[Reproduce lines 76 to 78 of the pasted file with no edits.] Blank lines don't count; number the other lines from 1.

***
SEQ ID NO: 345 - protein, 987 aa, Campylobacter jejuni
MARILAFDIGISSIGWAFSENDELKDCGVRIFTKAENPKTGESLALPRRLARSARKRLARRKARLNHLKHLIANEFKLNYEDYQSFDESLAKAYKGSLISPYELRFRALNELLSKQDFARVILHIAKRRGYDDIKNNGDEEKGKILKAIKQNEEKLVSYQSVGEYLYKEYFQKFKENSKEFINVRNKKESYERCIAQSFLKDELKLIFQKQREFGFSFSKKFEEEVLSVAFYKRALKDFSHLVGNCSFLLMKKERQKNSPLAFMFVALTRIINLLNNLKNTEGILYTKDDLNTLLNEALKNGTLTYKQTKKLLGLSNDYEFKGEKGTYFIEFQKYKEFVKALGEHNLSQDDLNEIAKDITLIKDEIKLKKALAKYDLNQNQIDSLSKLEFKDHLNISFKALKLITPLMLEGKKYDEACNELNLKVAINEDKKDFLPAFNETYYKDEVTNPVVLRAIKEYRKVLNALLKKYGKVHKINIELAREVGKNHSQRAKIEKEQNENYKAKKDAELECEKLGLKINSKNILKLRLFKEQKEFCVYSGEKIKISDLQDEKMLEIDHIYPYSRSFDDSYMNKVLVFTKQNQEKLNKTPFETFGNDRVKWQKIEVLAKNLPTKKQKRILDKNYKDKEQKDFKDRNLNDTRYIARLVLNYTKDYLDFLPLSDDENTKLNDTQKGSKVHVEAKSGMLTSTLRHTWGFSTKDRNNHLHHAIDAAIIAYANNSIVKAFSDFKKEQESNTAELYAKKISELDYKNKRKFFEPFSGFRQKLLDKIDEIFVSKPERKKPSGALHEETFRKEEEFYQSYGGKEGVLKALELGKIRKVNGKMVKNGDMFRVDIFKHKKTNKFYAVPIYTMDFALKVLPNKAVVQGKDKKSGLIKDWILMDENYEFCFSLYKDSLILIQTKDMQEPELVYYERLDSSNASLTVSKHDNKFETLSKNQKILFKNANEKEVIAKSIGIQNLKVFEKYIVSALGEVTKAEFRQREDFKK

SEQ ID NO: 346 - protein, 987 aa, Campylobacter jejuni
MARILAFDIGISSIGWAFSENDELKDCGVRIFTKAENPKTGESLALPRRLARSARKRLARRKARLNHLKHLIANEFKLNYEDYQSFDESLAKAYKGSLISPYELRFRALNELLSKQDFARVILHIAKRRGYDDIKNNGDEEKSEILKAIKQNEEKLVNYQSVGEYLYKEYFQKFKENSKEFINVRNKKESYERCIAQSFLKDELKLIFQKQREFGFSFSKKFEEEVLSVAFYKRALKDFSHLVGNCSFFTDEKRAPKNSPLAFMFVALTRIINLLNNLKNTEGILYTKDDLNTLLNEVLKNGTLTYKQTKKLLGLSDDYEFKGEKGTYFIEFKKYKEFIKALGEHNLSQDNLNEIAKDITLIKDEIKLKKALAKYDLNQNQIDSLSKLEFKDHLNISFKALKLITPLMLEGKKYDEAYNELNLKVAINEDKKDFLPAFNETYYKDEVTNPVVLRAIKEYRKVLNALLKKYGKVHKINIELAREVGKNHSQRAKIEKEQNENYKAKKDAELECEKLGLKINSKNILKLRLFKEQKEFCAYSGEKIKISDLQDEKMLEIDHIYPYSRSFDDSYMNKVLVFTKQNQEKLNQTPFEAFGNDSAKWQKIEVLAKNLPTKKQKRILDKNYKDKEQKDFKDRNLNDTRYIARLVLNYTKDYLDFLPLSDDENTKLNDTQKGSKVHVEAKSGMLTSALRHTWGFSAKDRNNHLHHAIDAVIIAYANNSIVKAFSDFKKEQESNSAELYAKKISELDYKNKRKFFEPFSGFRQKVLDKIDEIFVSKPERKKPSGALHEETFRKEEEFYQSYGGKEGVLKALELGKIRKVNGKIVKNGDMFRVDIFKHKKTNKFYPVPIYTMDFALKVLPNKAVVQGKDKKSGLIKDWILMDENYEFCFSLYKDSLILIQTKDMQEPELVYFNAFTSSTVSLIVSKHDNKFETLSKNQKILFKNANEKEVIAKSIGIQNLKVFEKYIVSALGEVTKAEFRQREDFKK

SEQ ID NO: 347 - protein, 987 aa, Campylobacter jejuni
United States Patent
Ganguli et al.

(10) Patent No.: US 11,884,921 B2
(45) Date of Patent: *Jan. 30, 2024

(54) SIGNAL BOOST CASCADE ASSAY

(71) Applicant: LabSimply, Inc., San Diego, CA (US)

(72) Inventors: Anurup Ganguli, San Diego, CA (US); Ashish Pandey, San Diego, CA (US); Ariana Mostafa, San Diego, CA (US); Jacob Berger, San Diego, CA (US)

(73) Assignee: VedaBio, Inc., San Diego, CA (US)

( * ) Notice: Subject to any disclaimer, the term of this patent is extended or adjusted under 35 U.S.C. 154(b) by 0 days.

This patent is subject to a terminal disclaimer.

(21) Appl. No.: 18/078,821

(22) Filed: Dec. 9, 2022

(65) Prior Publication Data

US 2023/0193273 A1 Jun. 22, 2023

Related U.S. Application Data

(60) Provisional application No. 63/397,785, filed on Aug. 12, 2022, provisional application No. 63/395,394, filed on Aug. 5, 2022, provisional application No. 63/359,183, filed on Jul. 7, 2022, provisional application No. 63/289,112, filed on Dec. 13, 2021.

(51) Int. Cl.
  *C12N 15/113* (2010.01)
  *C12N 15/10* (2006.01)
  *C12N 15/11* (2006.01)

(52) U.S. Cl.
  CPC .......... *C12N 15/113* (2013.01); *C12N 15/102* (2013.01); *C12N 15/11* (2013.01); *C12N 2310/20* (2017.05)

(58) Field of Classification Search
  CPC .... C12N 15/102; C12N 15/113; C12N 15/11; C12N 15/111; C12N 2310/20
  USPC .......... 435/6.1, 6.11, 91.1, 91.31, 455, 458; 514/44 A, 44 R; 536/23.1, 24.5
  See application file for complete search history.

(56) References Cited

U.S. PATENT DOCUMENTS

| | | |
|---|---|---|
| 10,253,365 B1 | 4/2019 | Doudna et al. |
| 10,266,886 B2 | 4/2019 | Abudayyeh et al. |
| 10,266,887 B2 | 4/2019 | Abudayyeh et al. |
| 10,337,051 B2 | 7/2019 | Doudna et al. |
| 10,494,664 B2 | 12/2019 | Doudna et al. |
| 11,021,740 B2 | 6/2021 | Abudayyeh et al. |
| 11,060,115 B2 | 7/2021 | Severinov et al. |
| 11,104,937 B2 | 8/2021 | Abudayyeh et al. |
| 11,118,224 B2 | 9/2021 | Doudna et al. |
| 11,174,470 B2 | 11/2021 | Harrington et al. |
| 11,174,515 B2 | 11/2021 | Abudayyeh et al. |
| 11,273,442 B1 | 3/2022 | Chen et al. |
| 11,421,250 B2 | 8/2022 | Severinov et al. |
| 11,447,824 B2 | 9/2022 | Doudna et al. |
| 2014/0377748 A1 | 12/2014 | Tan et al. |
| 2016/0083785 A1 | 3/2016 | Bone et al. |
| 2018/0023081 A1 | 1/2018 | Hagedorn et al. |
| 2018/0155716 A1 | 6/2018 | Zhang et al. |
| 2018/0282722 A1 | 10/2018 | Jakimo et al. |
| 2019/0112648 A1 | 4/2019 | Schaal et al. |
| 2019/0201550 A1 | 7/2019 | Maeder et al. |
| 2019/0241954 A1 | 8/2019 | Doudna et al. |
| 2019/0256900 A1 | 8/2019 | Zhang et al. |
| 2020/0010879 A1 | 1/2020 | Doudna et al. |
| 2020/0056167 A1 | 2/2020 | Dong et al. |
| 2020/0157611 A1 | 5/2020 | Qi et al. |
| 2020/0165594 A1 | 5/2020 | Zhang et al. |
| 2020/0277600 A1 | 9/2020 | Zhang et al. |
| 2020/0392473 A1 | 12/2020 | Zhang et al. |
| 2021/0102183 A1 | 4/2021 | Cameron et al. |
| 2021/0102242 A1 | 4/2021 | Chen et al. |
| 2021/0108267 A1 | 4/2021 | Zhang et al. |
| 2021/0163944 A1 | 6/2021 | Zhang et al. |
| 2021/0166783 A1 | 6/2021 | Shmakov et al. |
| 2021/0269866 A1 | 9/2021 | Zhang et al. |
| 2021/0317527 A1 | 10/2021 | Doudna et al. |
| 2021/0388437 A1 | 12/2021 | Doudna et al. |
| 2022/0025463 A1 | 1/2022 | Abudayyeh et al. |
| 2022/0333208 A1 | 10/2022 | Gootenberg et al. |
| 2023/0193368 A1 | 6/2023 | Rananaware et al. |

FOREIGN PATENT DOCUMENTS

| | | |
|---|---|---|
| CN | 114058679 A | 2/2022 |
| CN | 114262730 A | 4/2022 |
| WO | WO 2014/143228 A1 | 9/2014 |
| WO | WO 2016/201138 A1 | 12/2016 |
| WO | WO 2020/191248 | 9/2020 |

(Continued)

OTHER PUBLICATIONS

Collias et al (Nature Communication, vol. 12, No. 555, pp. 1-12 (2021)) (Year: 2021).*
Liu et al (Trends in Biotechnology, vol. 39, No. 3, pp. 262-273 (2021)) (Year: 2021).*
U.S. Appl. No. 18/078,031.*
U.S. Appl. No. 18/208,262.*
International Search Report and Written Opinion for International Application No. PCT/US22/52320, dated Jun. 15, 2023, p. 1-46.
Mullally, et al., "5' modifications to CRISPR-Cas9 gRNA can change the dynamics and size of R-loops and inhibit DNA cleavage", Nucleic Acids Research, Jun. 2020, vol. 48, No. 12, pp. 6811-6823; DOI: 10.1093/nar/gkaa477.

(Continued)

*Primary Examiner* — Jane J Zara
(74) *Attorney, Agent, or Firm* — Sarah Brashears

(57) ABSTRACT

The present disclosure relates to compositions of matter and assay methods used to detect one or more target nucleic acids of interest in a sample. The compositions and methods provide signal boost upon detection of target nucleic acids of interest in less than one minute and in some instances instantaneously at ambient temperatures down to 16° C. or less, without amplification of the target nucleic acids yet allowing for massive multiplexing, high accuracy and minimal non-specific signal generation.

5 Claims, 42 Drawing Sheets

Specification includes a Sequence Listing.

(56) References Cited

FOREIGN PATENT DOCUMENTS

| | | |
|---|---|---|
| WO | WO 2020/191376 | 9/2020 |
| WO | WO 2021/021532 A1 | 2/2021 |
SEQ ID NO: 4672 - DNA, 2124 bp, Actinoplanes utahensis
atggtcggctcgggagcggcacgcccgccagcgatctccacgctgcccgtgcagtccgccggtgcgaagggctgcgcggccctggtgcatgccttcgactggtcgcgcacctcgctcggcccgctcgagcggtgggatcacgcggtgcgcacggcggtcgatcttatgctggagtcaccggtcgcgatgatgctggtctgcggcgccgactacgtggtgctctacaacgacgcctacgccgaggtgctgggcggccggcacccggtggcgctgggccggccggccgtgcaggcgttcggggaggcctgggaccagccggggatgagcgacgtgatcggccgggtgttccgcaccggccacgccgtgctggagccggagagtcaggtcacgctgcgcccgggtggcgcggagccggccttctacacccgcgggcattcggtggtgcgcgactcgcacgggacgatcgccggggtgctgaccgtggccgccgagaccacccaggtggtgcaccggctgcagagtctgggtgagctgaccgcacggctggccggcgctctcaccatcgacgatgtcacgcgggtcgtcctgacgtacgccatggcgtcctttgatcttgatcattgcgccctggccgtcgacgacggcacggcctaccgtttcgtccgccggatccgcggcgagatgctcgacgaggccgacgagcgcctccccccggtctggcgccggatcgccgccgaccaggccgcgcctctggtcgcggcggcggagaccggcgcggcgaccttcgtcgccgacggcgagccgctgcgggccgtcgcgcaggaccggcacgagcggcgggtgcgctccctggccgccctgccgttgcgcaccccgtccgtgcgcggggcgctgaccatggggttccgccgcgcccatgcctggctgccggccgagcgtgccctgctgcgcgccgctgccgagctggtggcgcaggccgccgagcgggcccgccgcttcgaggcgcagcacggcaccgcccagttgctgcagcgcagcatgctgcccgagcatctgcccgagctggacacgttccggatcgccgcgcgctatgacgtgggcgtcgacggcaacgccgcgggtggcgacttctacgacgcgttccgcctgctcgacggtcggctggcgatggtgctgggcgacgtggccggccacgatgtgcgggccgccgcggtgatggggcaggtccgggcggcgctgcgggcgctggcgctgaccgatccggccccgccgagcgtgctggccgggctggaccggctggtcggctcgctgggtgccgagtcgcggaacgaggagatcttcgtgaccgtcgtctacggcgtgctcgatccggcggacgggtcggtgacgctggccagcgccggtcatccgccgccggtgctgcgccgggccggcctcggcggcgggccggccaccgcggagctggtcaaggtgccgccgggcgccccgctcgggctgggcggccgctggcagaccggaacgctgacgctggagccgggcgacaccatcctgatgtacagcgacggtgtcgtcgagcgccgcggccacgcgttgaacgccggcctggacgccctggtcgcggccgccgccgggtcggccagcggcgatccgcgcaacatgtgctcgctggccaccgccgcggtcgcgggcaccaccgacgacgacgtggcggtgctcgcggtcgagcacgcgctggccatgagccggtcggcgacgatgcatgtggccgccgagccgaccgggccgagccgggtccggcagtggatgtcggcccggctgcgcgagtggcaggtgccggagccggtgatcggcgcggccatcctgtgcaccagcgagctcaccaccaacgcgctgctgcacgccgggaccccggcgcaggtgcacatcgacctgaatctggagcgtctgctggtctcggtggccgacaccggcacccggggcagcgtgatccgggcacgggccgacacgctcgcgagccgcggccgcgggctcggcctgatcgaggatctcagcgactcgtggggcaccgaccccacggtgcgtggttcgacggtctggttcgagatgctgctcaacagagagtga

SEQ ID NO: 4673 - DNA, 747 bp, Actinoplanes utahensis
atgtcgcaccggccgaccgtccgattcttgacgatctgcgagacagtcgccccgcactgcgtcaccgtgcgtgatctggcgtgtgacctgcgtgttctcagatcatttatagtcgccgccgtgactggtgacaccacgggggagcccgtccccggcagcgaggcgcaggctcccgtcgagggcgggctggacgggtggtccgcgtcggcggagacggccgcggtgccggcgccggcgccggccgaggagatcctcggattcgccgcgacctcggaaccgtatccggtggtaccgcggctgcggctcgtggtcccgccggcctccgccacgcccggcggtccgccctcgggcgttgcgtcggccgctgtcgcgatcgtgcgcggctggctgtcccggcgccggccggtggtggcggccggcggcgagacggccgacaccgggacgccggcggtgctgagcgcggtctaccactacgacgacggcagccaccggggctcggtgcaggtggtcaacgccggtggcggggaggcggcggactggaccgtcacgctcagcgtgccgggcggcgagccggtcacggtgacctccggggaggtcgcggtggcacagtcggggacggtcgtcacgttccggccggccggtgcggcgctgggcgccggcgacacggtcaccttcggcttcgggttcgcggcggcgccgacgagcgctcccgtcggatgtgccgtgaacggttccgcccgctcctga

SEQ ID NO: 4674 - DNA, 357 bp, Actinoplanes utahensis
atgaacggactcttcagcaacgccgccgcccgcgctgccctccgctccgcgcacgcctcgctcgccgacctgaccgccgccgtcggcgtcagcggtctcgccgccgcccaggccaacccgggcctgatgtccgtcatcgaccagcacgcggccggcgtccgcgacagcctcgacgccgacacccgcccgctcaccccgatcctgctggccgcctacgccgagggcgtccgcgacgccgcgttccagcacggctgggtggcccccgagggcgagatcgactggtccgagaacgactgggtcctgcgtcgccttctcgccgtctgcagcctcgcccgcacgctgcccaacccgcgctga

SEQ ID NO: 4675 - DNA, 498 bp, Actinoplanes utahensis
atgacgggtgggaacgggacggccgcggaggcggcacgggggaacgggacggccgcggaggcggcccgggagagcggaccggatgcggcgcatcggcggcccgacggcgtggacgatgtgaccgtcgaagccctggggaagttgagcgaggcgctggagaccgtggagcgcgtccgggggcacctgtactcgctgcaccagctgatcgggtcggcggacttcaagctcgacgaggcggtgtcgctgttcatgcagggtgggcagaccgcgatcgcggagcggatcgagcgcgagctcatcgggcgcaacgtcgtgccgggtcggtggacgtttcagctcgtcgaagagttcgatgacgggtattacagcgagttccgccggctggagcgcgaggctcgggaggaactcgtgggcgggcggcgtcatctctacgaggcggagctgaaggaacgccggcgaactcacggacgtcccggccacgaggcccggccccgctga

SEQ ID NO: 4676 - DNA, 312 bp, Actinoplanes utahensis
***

FOREIGN PATENT DOCUMENTS

| | | |
|---|---|---|